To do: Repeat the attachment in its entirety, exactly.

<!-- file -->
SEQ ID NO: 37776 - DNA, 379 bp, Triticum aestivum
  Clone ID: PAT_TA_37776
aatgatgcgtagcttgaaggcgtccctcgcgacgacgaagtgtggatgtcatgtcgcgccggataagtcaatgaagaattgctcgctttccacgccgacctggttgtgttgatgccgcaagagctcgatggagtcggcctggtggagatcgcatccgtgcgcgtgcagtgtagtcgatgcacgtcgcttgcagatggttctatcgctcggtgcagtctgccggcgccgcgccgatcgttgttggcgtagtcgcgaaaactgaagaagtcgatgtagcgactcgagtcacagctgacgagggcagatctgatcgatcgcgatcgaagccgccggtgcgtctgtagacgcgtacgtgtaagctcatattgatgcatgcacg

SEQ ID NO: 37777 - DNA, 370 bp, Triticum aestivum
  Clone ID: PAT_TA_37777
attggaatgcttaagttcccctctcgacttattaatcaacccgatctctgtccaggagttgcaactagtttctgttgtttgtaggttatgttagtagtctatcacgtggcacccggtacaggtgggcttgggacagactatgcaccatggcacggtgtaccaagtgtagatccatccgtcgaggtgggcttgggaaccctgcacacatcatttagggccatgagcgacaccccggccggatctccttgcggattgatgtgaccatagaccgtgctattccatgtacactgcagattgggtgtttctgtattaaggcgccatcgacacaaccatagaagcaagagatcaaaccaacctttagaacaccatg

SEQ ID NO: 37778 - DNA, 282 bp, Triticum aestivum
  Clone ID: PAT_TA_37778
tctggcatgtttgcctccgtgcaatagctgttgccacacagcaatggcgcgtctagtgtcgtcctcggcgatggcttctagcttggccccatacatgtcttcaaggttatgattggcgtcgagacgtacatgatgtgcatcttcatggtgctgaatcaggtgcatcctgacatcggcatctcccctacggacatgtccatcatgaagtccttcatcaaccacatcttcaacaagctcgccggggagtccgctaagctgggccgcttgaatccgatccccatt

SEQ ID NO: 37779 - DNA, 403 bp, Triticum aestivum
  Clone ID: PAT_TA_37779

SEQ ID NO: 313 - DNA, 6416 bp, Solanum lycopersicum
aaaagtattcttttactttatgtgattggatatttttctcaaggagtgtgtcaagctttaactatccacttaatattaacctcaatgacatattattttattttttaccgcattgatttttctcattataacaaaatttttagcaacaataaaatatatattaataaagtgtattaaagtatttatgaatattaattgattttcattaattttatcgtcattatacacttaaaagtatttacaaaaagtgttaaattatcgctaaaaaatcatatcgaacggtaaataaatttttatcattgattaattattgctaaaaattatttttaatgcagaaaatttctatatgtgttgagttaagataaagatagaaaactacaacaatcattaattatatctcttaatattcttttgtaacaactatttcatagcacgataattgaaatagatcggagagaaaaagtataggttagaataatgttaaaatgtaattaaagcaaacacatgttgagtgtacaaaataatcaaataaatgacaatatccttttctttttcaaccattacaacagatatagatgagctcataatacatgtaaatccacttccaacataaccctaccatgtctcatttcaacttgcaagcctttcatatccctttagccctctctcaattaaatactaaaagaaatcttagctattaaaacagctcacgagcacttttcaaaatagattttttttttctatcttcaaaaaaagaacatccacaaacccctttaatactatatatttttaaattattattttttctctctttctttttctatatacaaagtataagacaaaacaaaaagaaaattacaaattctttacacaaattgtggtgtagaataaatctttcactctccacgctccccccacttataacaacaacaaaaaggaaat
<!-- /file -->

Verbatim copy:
SEQ ID NO: 37776 - DNA, 379 bp, Triticum aestivum
  Clone ID: PAT_TA_37776
aatgatgcgtagcttgaaggcgtccctcgcgacgacgaagtgtggatgtcatgtcgcgccggataagtcaatgaagaattgctcgctttccacgccgacctggttgtgttgatgccgcaagagctcgatggagtcggcctggtggagatcgcatccgtgcgcgtgcagtgtagtcgatgcacgtcgcttgcagatggttctatcgctcggtgcagtctgccggcgccgcgccgatcgttgttggcgtagtcgcgaaaactgaagaagtcgatgtagcgactcgagtcacagctgacgagggcagatctgatcgatcgcgatcgaagccgccggtgcgtctgtagacgcgtacgtgtaagctcatattgatgcatgcacg

SEQ ID NO: 37777 - DNA, 370 bp, Triticum aestivum
  Clone ID: PAT_TA_37777
attggaatgcttaagttcccctctcgacttattaatcaacccgatctctgtccaggagttgcaactagtttctgttgtttgtaggttatgttagtagtctatcacgtggcacccggtacaggtgggcttgggacagactatgcaccatggcacggtgtaccaagtgtagatccatccgtcgaggtgggcttgggaaccctgcacacatcatttagggccatgagcgacaccccggccggatctccttgcggattgatgtgaccatagaccgtgctattccatgtacactgcagattgggtgtttctgtattaaggcgccatcgacacaaccatagaagcaagagatcaaaccaacctttagaacaccatg

SEQ ID NO: 37778 - DNA, 282 bp, Triticum aestivum
  Clone ID: PAT_TA_37778
tctggcatgtttgcctccgtgcaatagctgttgccacacagcaatggcgcgtctagtgtcgtcctcggcgatggcttctagcttggccccatacatgtcttcaaggttatgattggcgtcgagacgtacatgatgtgcatcttcatggtgctgaatcaggtgcatcctgacatcggcatctcccctacggacatgtccatcatgaagtccttcatcaaccacatcttcaacaagctcgccggggagtccgctaagctgggccgcttgaatccgatccccatt

SEQ ID NO: 37779 - DNA, 403 bp, Triticum aestivum
  Clone ID: PAT_TA_37779

SEQ ID NO: 313 - DNA, 6416 bp, Solanum lycopersicum
aaaagtattcttttactttatgtgattggatatttttctcaaggagtgtgtcaagctttaactatccacttaatattaacctcaatgacatattattttattttttaccgcattgatttttctcattataacaaaatttttagcaacaataaaatatatattaataaagtgtattaaagtatttatgaatattaattgattttcattaattttatcgtcattatacacttaaaagtatttacaaaaagtgttaaattatcgctaaaaaatcatatcgaacggtaaataaatttttatcattgattaattattgctaaaaattatttttaatgcagaaaatttctatatgtgttgagttaagataaagatagaaaactacaacaatcattaattatatctcttaatattcttttgtaacaactatttcatagcacgataattgaaatagatcggagagaaaaagtataggttagaataatgttaaaatgtaattaaagcaaacacatgttgagtgtacaaaataatcaaataaatgacaatatccttttctttttcaaccattacaacagatatagatgagctcataatacatgtaaatccacttccaacataaccctaccatgtctcatttcaacttgcaagcctttcatatccctttagccctctctcaattaaatactaaaagaaatcttagctattaaaacagctcacgagcacttttcaaaatagattttttttttctatcttcaaaaaaagaacatccacaaacccctttaatactatatatttttaaattattattttttctctctttctttttctatatacaaagtataagacaaaacaaaaagaaaattacaaattctttacacaaattgtggtgtagaataaatctttcactctccacgctccccccacttataacaacaacaaaaaggaaat